Nanoparticle Assembly: Expanding the Realm of the Possible

Nanoparticle Assembly: Expanding the Realm of the Possible

emerging technologies, Materials Science
JACS Spotlights Feb. 22, 2022 Nanoparticles assemble themselves into a multitude of compositions and structures, and the range of possible applications appears almost limitless. Robert Macfarlane and co-workers give an overview of the history and current state of nanoparticle assembly research, focusing on assembly approaches and emergent properties of the resulting materials and summarizing future directions and challenges (DOI: 10.1021/jacs.1c12335). The simplest assembly process, uncontrolled aggregation of nanoparticles into disordered clusters or films, is used on an industrial scale to produce coatings. Supramolecular assembly techniques (in various stages of development) direct nanoparticles to form ordered patterns, self-healing nanocomposites, vesicles, micelles, or thin films. Light, magnetic fields, or biomolecular templates can direct nanoparticles to produce even more complex structures. The resulting materials interact with light, electrons, and magnetic fields in ways…
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New Polymers Survive a Loss of Protection

New Polymers Survive a Loss of Protection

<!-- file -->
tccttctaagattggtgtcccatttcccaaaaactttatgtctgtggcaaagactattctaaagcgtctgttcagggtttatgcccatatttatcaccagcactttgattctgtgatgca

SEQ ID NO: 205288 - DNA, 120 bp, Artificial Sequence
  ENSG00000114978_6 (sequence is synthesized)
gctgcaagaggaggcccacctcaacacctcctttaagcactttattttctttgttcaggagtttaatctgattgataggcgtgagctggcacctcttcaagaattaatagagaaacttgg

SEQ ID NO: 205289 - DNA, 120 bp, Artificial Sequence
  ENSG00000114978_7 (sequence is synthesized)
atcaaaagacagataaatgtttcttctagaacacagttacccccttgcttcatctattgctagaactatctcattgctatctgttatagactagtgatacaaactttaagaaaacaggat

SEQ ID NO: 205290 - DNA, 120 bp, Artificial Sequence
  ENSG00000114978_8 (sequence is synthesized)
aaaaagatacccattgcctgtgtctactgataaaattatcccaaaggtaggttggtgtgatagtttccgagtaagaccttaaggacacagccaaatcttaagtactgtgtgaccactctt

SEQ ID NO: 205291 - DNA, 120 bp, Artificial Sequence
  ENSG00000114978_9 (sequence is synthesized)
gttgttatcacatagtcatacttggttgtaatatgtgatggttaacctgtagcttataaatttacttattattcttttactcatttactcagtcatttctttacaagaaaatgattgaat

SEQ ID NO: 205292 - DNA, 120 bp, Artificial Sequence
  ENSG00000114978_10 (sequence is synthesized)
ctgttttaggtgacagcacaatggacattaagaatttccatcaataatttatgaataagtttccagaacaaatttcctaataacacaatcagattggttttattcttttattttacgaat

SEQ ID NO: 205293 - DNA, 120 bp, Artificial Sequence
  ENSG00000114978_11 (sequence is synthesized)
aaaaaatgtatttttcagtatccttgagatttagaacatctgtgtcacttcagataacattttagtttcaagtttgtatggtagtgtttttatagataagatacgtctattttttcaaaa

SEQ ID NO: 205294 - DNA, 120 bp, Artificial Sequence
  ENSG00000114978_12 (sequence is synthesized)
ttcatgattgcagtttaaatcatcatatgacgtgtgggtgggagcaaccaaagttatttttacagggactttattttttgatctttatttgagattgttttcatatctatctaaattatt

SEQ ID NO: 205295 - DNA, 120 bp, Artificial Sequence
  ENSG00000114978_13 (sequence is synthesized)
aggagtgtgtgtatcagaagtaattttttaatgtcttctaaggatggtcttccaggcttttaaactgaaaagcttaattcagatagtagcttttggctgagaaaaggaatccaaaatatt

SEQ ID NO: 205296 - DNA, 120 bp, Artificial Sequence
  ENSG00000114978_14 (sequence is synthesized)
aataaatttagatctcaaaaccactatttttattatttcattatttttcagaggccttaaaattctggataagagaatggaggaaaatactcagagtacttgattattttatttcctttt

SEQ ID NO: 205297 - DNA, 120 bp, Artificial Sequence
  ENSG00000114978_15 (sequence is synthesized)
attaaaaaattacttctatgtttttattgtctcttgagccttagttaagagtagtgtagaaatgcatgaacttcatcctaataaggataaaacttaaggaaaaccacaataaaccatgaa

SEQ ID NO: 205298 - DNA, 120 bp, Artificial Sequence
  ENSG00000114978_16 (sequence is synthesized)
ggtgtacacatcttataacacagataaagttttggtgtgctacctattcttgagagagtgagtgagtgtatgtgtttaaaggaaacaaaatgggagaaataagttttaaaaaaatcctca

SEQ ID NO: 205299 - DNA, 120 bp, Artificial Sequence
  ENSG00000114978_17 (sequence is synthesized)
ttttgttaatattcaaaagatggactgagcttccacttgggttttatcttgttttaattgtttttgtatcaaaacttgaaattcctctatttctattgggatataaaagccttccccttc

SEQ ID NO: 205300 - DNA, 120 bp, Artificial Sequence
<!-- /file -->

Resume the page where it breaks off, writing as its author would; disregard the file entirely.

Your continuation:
Materials Science, processes
JACS Spotlights, Feb. 9, 2022 Sulfur-containing organic molecules called thiols and thiocatechols are used in a variety of reactions involving the formation of disulfide bonds, coupling to double and triple bonds, and attachments to metal surfaces. In contrast, their polymer counterparts, thiophenol-pendant and dithiocatechol-pendant polymers, tend to oxidize and form disulfide-cross-linked networks. This renders them insoluble in organic solvents, which in turn limits their practical application. Catechol-pendant polymers, their oxygen-containing counterparts, oxidize much slower, and they readily form coatings, adhesives, and self-healing materials. Jincai Li, Joseph Richardson, and Hirotaka Ejima recently reported the use of a protection–deprotection strategy that enabled them to synthesize the thiophenol-pendant polymer poly(4-thiostyrene), as well as the first synthesis of a dithiocatechol-pendant polymer─poly(3,4-dithiostyrene)─and the copolymer poly(3,4-dithiostyrene-co-styrene) (DOI: 10.1021/jacs.1c11479). Unlike former efforts at protection–deprotection synthesis, the deprotection…
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